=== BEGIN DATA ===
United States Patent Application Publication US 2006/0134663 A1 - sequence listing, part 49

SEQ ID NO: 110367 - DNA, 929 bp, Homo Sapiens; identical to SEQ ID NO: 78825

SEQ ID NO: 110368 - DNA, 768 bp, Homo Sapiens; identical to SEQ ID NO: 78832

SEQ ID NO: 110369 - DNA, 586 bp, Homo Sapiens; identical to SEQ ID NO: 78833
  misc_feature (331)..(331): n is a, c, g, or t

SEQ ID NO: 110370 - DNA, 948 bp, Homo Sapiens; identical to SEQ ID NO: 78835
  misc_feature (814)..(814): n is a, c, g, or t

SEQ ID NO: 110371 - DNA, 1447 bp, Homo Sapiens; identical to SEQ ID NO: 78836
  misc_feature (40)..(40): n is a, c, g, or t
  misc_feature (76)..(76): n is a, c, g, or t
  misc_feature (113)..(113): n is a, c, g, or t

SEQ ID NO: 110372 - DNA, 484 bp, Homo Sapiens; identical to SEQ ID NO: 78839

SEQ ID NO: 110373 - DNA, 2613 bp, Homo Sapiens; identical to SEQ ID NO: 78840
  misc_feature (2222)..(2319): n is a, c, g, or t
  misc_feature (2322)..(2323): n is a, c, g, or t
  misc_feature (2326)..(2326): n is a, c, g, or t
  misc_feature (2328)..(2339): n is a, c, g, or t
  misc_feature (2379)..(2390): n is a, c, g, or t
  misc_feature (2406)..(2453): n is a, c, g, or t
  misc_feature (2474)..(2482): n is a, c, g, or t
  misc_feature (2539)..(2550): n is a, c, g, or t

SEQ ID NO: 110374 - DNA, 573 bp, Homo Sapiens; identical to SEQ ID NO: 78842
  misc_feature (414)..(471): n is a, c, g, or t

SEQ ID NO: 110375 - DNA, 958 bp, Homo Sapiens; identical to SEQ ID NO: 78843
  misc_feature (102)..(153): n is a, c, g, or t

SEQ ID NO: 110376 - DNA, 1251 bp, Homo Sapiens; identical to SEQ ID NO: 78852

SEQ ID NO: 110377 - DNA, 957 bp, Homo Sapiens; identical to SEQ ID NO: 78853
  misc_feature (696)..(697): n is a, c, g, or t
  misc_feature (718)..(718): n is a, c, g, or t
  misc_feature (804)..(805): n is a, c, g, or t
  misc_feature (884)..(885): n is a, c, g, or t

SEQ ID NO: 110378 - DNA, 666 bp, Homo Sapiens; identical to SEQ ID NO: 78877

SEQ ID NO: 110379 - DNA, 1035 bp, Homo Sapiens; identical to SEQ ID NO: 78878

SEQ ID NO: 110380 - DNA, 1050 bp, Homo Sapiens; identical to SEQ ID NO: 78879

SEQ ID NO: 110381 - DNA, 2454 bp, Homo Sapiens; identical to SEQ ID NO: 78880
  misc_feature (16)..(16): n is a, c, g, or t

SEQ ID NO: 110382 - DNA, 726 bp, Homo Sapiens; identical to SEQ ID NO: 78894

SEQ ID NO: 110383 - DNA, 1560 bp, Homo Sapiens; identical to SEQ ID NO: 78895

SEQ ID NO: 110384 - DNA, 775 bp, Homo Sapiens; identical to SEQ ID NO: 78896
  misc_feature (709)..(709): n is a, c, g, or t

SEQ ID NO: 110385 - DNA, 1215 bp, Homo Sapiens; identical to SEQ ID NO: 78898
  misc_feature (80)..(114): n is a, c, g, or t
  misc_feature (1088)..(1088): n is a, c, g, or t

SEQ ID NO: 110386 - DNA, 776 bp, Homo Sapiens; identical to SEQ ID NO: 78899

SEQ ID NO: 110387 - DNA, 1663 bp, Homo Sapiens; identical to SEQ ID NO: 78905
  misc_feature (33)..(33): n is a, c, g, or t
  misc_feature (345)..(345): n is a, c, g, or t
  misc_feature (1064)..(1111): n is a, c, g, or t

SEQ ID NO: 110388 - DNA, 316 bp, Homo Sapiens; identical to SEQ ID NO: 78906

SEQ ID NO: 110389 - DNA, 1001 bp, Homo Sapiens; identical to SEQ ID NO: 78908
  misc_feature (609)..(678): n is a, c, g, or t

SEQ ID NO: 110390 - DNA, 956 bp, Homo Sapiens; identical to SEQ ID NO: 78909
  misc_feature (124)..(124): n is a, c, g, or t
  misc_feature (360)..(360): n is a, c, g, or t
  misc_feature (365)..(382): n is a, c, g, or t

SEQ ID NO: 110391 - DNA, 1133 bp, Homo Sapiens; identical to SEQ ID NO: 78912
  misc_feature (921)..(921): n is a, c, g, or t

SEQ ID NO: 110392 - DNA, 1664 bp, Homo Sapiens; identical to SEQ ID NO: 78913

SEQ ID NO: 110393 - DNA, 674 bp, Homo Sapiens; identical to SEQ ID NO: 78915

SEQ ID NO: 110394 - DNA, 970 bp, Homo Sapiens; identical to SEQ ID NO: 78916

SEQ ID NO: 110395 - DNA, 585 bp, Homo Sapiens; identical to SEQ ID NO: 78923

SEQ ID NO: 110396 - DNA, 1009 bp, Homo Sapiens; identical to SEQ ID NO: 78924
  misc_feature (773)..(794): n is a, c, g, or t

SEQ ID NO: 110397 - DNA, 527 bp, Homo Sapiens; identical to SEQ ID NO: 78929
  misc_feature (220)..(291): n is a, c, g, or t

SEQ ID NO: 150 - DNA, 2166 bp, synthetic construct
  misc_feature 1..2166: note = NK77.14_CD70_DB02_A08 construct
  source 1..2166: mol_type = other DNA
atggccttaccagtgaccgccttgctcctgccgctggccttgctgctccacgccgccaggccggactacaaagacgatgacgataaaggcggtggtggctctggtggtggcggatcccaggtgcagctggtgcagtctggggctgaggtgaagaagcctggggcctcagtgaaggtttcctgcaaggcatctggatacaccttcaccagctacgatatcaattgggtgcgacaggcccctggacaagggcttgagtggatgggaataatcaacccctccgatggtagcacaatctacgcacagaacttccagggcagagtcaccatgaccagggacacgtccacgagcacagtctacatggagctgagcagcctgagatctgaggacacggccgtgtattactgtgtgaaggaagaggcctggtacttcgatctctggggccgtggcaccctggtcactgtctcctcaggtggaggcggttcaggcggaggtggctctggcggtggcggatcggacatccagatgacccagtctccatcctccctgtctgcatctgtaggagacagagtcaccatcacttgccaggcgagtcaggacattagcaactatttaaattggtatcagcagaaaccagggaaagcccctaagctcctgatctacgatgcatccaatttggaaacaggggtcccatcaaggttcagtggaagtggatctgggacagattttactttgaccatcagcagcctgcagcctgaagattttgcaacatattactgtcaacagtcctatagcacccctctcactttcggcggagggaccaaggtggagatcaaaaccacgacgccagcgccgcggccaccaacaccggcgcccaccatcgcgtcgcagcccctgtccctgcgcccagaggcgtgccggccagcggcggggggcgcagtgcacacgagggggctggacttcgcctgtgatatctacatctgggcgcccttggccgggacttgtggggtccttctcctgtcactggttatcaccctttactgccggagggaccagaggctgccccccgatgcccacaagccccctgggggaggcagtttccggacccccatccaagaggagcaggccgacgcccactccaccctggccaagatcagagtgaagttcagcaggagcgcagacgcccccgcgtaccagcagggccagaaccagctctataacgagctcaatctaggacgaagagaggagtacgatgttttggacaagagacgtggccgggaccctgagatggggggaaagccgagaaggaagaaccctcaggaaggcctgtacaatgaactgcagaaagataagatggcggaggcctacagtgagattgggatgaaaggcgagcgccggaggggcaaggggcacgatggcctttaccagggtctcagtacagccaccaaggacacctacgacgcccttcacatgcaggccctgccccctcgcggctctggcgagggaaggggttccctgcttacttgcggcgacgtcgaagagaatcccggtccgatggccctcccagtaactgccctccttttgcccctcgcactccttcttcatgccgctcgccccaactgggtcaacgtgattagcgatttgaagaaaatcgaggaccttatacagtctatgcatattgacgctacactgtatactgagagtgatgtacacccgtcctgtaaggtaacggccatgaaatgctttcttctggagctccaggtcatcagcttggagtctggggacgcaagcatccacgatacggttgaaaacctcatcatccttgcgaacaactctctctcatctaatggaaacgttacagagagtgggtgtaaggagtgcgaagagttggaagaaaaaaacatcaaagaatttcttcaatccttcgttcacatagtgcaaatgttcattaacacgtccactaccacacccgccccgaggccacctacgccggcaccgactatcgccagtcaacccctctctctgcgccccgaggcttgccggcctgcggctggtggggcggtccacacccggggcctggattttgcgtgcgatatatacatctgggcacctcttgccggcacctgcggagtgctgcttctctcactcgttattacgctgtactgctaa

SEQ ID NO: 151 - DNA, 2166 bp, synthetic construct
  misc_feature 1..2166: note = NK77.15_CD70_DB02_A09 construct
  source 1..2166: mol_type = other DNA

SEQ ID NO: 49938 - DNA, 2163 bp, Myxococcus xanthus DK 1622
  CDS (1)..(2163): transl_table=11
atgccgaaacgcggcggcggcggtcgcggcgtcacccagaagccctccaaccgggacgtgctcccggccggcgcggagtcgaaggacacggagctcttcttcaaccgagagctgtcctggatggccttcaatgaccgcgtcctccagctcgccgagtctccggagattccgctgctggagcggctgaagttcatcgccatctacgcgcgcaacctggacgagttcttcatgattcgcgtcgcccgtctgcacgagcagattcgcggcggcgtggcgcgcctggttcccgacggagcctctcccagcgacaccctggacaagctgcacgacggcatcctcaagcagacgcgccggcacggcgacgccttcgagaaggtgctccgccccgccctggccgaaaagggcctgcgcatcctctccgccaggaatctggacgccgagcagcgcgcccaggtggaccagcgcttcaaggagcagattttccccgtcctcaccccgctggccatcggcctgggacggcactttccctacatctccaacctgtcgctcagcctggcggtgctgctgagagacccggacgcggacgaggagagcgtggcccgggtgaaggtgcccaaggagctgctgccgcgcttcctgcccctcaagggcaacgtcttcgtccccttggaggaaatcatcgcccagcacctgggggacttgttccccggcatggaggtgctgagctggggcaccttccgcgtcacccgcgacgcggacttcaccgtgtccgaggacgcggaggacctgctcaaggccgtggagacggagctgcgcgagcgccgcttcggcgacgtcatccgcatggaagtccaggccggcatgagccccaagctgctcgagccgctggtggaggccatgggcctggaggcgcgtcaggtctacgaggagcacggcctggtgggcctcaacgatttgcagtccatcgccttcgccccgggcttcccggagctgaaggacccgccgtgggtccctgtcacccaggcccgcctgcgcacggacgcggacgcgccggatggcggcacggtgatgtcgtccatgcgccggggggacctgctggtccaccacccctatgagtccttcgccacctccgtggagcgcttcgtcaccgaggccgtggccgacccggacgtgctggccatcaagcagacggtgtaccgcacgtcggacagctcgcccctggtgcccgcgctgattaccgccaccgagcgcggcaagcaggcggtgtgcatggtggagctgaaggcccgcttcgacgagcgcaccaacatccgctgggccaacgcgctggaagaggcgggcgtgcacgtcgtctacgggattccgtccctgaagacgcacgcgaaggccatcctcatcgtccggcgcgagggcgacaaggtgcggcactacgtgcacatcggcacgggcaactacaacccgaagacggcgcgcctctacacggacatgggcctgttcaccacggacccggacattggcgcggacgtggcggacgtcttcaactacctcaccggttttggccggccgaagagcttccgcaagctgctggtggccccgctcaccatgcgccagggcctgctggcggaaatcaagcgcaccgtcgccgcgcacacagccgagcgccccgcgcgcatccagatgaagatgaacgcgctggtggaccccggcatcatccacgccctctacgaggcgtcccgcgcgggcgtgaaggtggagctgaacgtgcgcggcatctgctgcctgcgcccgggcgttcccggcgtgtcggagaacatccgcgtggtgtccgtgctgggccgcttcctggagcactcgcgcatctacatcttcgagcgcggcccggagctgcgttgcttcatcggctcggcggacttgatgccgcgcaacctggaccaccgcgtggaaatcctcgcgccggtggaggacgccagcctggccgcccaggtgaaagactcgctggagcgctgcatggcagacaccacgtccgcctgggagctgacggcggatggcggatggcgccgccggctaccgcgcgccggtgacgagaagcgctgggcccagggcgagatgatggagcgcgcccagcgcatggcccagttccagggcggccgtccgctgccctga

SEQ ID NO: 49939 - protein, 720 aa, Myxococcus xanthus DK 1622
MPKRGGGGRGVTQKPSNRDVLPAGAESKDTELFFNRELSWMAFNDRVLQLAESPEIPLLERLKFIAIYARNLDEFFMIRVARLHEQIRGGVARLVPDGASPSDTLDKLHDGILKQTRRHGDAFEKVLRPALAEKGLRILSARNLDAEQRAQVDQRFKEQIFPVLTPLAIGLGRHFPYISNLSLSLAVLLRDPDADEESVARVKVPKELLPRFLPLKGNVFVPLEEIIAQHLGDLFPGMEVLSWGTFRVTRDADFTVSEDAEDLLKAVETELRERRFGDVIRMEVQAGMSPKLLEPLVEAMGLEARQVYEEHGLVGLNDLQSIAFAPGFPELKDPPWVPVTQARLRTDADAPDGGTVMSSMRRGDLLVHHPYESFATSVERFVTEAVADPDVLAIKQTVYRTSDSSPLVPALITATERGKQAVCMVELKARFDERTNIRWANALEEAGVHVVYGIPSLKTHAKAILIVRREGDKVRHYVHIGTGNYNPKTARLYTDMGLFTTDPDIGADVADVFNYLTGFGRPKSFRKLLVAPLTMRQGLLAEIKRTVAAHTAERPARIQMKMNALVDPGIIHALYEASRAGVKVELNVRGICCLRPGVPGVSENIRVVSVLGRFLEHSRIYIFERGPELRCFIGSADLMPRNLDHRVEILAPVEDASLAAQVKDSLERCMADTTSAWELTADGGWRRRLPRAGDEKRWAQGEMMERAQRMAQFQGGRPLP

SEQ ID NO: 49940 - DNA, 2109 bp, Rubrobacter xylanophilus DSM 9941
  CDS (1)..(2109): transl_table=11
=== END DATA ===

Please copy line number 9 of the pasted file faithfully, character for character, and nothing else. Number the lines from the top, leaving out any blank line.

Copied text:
  misc_feature (40)..(40): n is a, c, g, or t